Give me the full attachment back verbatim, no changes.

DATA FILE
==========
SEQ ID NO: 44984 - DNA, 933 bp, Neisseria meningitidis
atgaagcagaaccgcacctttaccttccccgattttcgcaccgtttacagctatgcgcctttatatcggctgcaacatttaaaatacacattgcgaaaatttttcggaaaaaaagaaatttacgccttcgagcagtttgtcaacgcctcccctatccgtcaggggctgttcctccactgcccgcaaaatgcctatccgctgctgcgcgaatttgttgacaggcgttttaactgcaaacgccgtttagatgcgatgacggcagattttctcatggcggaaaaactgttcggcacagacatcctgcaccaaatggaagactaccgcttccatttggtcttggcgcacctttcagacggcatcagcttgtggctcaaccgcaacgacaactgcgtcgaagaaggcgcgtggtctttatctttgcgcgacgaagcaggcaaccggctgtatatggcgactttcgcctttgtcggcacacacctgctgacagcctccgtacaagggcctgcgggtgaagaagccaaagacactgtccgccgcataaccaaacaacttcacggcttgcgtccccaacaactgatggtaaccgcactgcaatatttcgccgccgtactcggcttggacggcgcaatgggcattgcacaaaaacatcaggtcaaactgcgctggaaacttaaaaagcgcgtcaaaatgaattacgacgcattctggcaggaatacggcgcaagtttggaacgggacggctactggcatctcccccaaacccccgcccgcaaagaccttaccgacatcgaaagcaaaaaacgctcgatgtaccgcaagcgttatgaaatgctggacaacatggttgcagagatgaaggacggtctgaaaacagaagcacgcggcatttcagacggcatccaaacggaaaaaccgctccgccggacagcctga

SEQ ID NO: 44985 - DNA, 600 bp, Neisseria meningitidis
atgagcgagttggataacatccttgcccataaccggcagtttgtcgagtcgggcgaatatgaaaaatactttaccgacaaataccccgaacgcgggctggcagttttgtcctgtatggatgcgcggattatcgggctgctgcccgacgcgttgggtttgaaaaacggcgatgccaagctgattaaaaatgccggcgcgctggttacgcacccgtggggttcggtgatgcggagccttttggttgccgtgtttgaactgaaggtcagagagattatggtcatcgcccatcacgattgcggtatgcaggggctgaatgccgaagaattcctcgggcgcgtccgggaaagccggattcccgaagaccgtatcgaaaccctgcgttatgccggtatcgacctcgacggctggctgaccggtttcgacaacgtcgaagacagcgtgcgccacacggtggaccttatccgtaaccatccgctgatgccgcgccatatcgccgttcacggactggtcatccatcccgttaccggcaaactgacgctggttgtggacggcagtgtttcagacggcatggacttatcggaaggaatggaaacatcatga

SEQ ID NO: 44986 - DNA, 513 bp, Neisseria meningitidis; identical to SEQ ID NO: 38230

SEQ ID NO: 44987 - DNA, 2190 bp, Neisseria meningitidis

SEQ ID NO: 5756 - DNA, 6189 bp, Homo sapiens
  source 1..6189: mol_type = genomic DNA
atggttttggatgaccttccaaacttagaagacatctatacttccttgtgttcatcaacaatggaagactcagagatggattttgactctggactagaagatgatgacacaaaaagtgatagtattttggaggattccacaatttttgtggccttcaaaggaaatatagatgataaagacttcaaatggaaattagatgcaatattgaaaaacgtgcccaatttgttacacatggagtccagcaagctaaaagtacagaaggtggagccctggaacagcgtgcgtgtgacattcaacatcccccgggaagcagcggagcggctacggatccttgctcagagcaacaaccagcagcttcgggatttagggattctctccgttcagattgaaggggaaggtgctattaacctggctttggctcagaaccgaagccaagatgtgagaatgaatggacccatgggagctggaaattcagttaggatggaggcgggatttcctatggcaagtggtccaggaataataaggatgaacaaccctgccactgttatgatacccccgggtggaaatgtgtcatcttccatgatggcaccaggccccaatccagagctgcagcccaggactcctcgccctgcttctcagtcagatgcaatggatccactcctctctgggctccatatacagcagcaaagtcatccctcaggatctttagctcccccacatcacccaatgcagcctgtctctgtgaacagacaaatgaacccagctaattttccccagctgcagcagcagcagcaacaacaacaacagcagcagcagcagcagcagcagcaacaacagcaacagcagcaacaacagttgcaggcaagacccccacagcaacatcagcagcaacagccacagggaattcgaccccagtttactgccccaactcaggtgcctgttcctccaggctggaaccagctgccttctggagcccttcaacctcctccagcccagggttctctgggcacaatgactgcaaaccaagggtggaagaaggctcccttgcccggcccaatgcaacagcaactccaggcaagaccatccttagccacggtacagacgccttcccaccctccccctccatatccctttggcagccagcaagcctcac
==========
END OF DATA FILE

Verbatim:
SEQ ID NO: 44984 - DNA, 933 bp, Neisseria meningitidis
atgaagcagaaccgcacctttaccttccccgattttcgcaccgtttacagctatgcgcctttatatcggctgcaacatttaaaatacacattgcgaaaatttttcggaaaaaaagaaatttacgccttcgagcagtttgtcaacgcctcccctatccgtcaggggctgttcctccactgcccgcaaaatgcctatccgctgctgcgcgaatttgttgacaggcgttttaactgcaaacgccgtttagatgcgatgacggcagattttctcatggcggaaaaactgttcggcacagacatcctgcaccaaatggaagactaccgcttccatttggtcttggcgcacctttcagacggcatcagcttgtggctcaaccgcaacgacaactgcgtcgaagaaggcgcgtggtctttatctttgcgcgacgaagcaggcaaccggctgtatatggcgactttcgcctttgtcggcacacacctgctgacagcctccgtacaagggcctgcgggtgaagaagccaaagacactgtccgccgcataaccaaacaacttcacggcttgcgtccccaacaactgatggtaaccgcactgcaatatttcgccgccgtactcggcttggacggcgcaatgggcattgcacaaaaacatcaggtcaaactgcgctggaaacttaaaaagcgcgtcaaaatgaattacgacgcattctggcaggaatacggcgcaagtttggaacgggacggctactggcatctcccccaaacccccgcccgcaaagaccttaccgacatcgaaagcaaaaaacgctcgatgtaccgcaagcgttatgaaatgctggacaacatggttgcagagatgaaggacggtctgaaaacagaagcacgcggcatttcagacggcatccaaacggaaaaaccgctccgccggacagcctga

SEQ ID NO: 44985 - DNA, 600 bp, Neisseria meningitidis
atgagcgagttggataacatccttgcccataaccggcagtttgtcgagtcgggcgaatatgaaaaatactttaccgacaaataccccgaacgcgggctggcagttttgtcctgtatggatgcgcggattatcgggctgctgcccgacgcgttgggtttgaaaaacggcgatgccaagctgattaaaaatgccggcgcgctggttacgcacccgtggggttcggtgatgcggagccttttggttgccgtgtttgaactgaaggtcagagagattatggtcatcgcccatcacgattgcggtatgcaggggctgaatgccgaagaattcctcgggcgcgtccgggaaagccggattcccgaagaccgtatcgaaaccctgcgttatgccggtatcgacctcgacggctggctgaccggtttcgacaacgtcgaagacagcgtgcgccacacggtggaccttatccgtaaccatccgctgatgccgcgccatatcgccgttcacggactggtcatccatcccgttaccggcaaactgacgctggttgtggacggcagtgtttcagacggcatggacttatcggaaggaatggaaacatcatga

SEQ ID NO: 44986 - DNA, 513 bp, Neisseria meningitidis; identical to SEQ ID NO: 38230

SEQ ID NO: 44987 - DNA, 2190 bp, Neisseria meningitidis

SEQ ID NO: 5756 - DNA, 6189 bp, Homo sapiens
  source 1..6189: mol_type = genomic DNA
atggttttggatgaccttccaaacttagaagacatctatacttccttgtgttcatcaacaatggaagactcagagatggattttgactctggactagaagatgatgacacaaaaagtgatagtattttggaggattccacaatttttgtggccttcaaaggaaatatagatgataaagacttcaaatggaaattagatgcaatattgaaaaacgtgcccaatttgttacacatggagtccagcaagctaaaagtacagaaggtggagccctggaacagcgtgcgtgtgacattcaacatcccccgggaagcagcggagcggctacggatccttgctcagagcaacaaccagcagcttcgggatttagggattctctccgttcagattgaaggggaaggtgctattaacctggctttggctcagaaccgaagccaagatgtgagaatgaatggacccatgggagctggaaattcagttaggatggaggcgggatttcctatggcaagtggtccaggaataataaggatgaacaaccctgccactgttatgatacccccgggtggaaatgtgtcatcttccatgatggcaccaggccccaatccagagctgcagcccaggactcctcgccctgcttctcagtcagatgcaatggatccactcctctctgggctccatatacagcagcaaagtcatccctcaggatctttagctcccccacatcacccaatgcagcctgtctctgtgaacagacaaatgaacccagctaattttccccagctgcagcagcagcagcaacaacaacaacagcagcagcagcagcagcagcagcaacaacagcaacagcagcaacaacagttgcaggcaagacccccacagcaacatcagcagcaacagccacagggaattcgaccccagtttactgccccaactcaggtgcctgttcctccaggctggaaccagctgccttctggagcccttcaacctcctccagcccagggttctctgggcacaatgactgcaaaccaagggtggaagaaggctcccttgcccggcccaatgcaacagcaactccaggcaagaccatccttagccacggtacagacgccttcccaccctccccctccatatccctttggcagccagcaagcctcac